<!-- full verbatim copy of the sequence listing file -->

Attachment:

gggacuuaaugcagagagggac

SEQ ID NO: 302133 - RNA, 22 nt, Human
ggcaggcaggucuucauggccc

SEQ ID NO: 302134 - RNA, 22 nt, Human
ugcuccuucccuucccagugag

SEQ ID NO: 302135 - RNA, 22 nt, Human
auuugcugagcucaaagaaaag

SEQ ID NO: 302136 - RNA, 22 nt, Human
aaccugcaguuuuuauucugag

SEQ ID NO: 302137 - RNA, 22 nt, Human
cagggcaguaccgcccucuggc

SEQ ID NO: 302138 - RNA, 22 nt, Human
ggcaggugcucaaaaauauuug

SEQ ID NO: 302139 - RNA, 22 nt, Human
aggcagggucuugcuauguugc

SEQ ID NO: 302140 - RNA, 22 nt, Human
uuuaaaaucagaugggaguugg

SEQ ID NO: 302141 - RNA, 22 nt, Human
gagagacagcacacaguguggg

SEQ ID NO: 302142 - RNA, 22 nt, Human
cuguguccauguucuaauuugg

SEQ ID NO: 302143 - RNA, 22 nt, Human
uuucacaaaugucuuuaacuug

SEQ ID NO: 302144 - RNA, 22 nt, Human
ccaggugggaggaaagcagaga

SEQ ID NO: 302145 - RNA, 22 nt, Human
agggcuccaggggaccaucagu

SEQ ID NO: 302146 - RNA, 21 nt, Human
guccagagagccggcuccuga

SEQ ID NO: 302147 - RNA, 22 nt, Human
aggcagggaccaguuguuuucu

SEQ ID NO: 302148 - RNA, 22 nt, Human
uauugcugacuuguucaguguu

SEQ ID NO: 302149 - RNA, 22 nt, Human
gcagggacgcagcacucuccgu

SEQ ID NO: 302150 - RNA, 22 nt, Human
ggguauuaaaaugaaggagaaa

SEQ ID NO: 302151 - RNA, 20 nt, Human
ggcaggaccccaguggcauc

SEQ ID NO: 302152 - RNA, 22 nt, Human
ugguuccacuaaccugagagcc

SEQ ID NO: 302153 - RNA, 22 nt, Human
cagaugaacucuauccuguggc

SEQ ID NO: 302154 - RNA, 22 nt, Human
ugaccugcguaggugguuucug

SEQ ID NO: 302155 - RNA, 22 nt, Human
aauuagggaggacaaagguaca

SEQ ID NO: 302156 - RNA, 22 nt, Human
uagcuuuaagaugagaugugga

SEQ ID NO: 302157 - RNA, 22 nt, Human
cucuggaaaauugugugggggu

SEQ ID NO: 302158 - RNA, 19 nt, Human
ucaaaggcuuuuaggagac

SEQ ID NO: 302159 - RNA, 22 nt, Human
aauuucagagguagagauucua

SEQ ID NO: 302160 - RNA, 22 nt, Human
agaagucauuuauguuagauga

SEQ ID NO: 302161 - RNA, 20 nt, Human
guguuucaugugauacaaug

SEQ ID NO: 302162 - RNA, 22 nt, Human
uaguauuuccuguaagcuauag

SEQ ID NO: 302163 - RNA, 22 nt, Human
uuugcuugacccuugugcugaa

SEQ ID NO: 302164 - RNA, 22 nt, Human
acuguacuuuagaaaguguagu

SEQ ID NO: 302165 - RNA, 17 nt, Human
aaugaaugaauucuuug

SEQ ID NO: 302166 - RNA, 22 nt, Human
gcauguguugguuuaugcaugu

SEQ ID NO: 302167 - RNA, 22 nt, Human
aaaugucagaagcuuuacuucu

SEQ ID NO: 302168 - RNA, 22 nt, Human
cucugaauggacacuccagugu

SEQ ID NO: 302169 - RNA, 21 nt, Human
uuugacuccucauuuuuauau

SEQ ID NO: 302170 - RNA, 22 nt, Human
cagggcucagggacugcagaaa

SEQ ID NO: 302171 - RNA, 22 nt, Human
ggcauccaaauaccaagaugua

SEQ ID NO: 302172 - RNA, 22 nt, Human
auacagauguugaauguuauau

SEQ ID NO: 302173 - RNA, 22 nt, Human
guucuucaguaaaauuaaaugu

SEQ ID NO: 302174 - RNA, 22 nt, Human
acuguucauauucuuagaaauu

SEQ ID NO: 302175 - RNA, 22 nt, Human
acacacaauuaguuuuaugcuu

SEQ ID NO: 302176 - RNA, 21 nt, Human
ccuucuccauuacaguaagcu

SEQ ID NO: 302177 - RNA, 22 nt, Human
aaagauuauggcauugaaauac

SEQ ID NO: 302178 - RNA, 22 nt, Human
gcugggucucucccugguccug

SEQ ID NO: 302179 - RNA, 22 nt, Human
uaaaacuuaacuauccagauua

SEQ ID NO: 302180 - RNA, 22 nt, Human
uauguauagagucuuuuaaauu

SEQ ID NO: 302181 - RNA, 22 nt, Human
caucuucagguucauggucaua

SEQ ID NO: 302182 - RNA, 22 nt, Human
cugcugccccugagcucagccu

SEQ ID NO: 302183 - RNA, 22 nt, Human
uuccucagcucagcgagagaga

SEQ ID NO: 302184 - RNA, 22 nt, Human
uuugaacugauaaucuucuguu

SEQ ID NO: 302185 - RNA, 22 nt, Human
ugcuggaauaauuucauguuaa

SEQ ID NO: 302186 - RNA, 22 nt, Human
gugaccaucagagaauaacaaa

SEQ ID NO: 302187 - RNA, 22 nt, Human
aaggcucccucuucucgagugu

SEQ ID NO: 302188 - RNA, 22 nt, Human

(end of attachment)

gggacuuaaugcagagagggac

SEQ ID NO: 302133 - RNA, 22 nt, Human
ggcaggcaggucuucauggccc

SEQ ID NO: 302134 - RNA, 22 nt, Human
ugcuccuucccuucccagugag

SEQ ID NO: 302135 - RNA, 22 nt, Human
auuugcugagcucaaagaaaag

SEQ ID NO: 302136 - RNA, 22 nt, Human
aaccugcaguuuuuauucugag

SEQ ID NO: 302137 - RNA, 22 nt, Human
cagggcaguaccgcccucuggc

SEQ ID NO: 302138 - RNA, 22 nt, Human
ggcaggugcucaaaaauauuug

SEQ ID NO: 302139 - RNA, 22 nt, Human
aggcagggucuugcuauguugc

SEQ ID NO: 302140 - RNA, 22 nt, Human
uuuaaaaucagaugggaguugg

SEQ ID NO: 302141 - RNA, 22 nt, Human
gagagacagcacacaguguggg

SEQ ID NO: 302142 - RNA, 22 nt, Human
cuguguccauguucuaauuugg

SEQ ID NO: 302143 - RNA, 22 nt, Human
uuucacaaaugucuuuaacuug

SEQ ID NO: 302144 - RNA, 22 nt, Human
ccaggugggaggaaagcagaga

SEQ ID NO: 302145 - RNA, 22 nt, Human
agggcuccaggggaccaucagu

SEQ ID NO: 302146 - RNA, 21 nt, Human
guccagagagccggcuccuga

SEQ ID NO: 302147 - RNA, 22 nt, Human
aggcagggaccaguuguuuucu

SEQ ID NO: 302148 - RNA, 22 nt, Human
uauugcugacuuguucaguguu

SEQ ID NO: 302149 - RNA, 22 nt, Human
gcagggacgcagcacucuccgu

SEQ ID NO: 302150 - RNA, 22 nt, Human
ggguauuaaaaugaaggagaaa

SEQ ID NO: 302151 - RNA, 20 nt, Human
ggcaggaccccaguggcauc

SEQ ID NO: 302152 - RNA, 22 nt, Human
ugguuccacuaaccugagagcc

SEQ ID NO: 302153 - RNA, 22 nt, Human
cagaugaacucuauccuguggc

SEQ ID NO: 302154 - RNA, 22 nt, Human
ugaccugcguaggugguuucug

SEQ ID NO: 302155 - RNA, 22 nt, Human
aauuagggaggacaaagguaca

SEQ ID NO: 302156 - RNA, 22 nt, Human
uagcuuuaagaugagaugugga

SEQ ID NO: 302157 - RNA, 22 nt, Human
cucuggaaaauugugugggggu

SEQ ID NO: 302158 - RNA, 19 nt, Human
ucaaaggcuuuuaggagac

SEQ ID NO: 302159 - RNA, 22 nt, Human
aauuucagagguagagauucua

SEQ ID NO: 302160 - RNA, 22 nt, Human
agaagucauuuauguuagauga

SEQ ID NO: 302161 - RNA, 20 nt, Human
guguuucaugugauacaaug

SEQ ID NO: 302162 - RNA, 22 nt, Human
uaguauuuccuguaagcuauag

SEQ ID NO: 302163 - RNA, 22 nt, Human
uuugcuugacccuugugcugaa

SEQ ID NO: 302164 - RNA, 22 nt, Human
acuguacuuuagaaaguguagu

SEQ ID NO: 302165 - RNA, 17 nt, Human
aaugaaugaauucuuug

SEQ ID NO: 302166 - RNA, 22 nt, Human
gcauguguugguuuaugcaugu

SEQ ID NO: 302167 - RNA, 22 nt, Human
aaaugucagaagcuuuacuucu

SEQ ID NO: 302168 - RNA, 22 nt, Human
cucugaauggacacuccagugu

SEQ ID NO: 302169 - RNA, 21 nt, Human
uuugacuccucauuuuuauau

SEQ ID NO: 302170 - RNA, 22 nt, Human
cagggcucagggacugcagaaa

SEQ ID NO: 302171 - RNA, 22 nt, Human
ggcauccaaauaccaagaugua

SEQ ID NO: 302172 - RNA, 22 nt, Human
auacagauguugaauguuauau

SEQ ID NO: 302173 - RNA, 22 nt, Human
guucuucaguaaaauuaaaugu

SEQ ID NO: 302174 - RNA, 22 nt, Human
acuguucauauucuuagaaauu

SEQ ID NO: 302175 - RNA, 22 nt, Human
acacacaauuaguuuuaugcuu

SEQ ID NO: 302176 - RNA, 21 nt, Human
ccuucuccauuacaguaagcu

SEQ ID NO: 302177 - RNA, 22 nt, Human
aaagauuauggcauugaaauac

SEQ ID NO: 302178 - RNA, 22 nt, Human
gcugggucucucccugguccug

SEQ ID NO: 302179 - RNA, 22 nt, Human
uaaaacuuaacuauccagauua

SEQ ID NO: 302180 - RNA, 22 nt, Human
uauguauagagucuuuuaaauu

SEQ ID NO: 302181 - RNA, 22 nt, Human
caucuucagguucauggucaua

SEQ ID NO: 302182 - RNA, 22 nt, Human
cugcugccccugagcucagccu

SEQ ID NO: 302183 - RNA, 22 nt, Human
uuccucagcucagcgagagaga

SEQ ID NO: 302184 - RNA, 22 nt, Human
uuugaacugauaaucuucuguu

SEQ ID NO: 302185 - RNA, 22 nt, Human
ugcuggaauaauuucauguuaa

SEQ ID NO: 302186 - RNA, 22 nt, Human
gugaccaucagagaauaacaaa

SEQ ID NO: 302187 - RNA, 22 nt, Human
aaggcucccucuucucgagugu

SEQ ID NO: 302188 - RNA, 22 nt, Human